Macabre dance in Ondo

The sour relationship usually leads to all manner of intrigues and even subterfuge in a few instances. An immediate case study is the raging political imbroglio in Ondo State, which to many observers, is deeper than the question of a governor against his deputy. Agreed, there has always been the problem of deputies angling to succeed their principals, even when such principals have different ideas with regard to succession plan.

Indeed, in the 1999 dispensation, when the then President Olusegun Obasanjo completed his statutory eight years in office in 2007, it was believed that he did all within his power to prevent Alhaji Atiku Abubakar, his deputy for that period, from succeeding him. Some pundits, however, believed that Atiku was too desperate to succeed his boss resulting in an intense survival and supremacy battle.

Similar theatrics has been playing out in Ondo State in the past few weeks between Governor Rotimi Akeredolu and his deputy, Mr Agboola Ajayi. The whole drama is perceived by political watchers as part of the lacuna in the nation’s constitution on the role and position of a vice-president or deputy governor. Whereas, a deputy governor earns much more than a commissioner, he does not have like the latter specifically spelt out functions in the government. Besides, the pecks of office of a deputy governor are a far cry from the privileges at the disposal of a commissioner. So, commissioners wield power in that they have specified areas they are appointed to oversee, while the deputy governor remains at the mercy of the governor to be active or otherwise.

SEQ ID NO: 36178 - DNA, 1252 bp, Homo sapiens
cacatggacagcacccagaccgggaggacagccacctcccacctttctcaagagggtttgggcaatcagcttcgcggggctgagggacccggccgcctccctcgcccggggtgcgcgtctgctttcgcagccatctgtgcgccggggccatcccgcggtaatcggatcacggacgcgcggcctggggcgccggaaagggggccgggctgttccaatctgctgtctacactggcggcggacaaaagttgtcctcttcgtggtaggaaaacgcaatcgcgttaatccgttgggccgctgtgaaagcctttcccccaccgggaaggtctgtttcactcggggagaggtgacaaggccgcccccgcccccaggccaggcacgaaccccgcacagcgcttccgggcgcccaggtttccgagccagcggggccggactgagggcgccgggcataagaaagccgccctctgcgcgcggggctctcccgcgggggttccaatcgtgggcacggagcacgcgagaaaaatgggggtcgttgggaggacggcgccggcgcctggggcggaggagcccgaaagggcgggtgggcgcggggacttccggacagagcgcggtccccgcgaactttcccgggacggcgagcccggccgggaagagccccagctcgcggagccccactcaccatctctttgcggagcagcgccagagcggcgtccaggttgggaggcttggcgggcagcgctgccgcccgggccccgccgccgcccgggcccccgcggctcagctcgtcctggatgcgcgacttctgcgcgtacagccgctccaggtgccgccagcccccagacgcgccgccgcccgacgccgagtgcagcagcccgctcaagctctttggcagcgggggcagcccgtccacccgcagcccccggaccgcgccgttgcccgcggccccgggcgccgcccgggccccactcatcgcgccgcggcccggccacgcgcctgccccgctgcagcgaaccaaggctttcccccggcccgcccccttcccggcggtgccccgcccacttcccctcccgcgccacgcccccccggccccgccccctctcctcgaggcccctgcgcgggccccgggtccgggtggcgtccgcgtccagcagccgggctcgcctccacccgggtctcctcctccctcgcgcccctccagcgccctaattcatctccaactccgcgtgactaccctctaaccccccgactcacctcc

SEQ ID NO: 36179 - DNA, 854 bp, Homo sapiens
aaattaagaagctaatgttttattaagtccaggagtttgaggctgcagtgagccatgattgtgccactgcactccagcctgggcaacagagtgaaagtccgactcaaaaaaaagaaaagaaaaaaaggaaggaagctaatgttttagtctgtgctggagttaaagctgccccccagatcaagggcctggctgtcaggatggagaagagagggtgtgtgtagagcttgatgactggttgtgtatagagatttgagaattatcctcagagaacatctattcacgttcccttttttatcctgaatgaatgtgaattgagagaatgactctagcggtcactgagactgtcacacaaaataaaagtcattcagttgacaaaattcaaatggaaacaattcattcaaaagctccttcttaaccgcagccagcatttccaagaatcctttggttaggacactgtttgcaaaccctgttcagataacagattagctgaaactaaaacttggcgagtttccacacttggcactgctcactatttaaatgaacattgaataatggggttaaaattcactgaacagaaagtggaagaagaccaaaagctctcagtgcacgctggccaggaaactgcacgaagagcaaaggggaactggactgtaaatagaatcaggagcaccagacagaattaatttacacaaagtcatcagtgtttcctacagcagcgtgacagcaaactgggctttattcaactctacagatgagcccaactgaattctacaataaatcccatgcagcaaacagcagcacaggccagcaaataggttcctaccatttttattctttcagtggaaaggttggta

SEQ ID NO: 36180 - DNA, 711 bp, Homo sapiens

For instance, while a commissioner, acting, though on the authority of the governor, can handle a multi-million naira project, a deputy governor cannot append his signature to any voucher that is above N500,000. A similar situation exists at the federal level in relation to the powers and relevance of the president and his vice.  Experts say the trend is due to the fact that the 1999 Constitution did not envisage any statutory duty for the deputy other that what the principal has assigned for him. It is a major issue among many Nigerians, who wonder why the office of deputy appears to be of little or no consequence or relevance, but which is being funded with a humongous taxpayers’ money. Was the office of the deputy governor or vice president created merely in case the governor or president dies in office or is afflicted with a fate that invalidates his or her mental or physical capacity?

Chapter Six, Part Two of Section 193 of the 1999 Constitution (as amended) states the “Executive Responsibilities of Deputy Governor and Commissioners.” It provides that “(1) the governor of a state may, in his discretion, assign to the deputy governor or any commissioner of the government of the state responsibility for any business of the government of that state, including the administration of any department of government.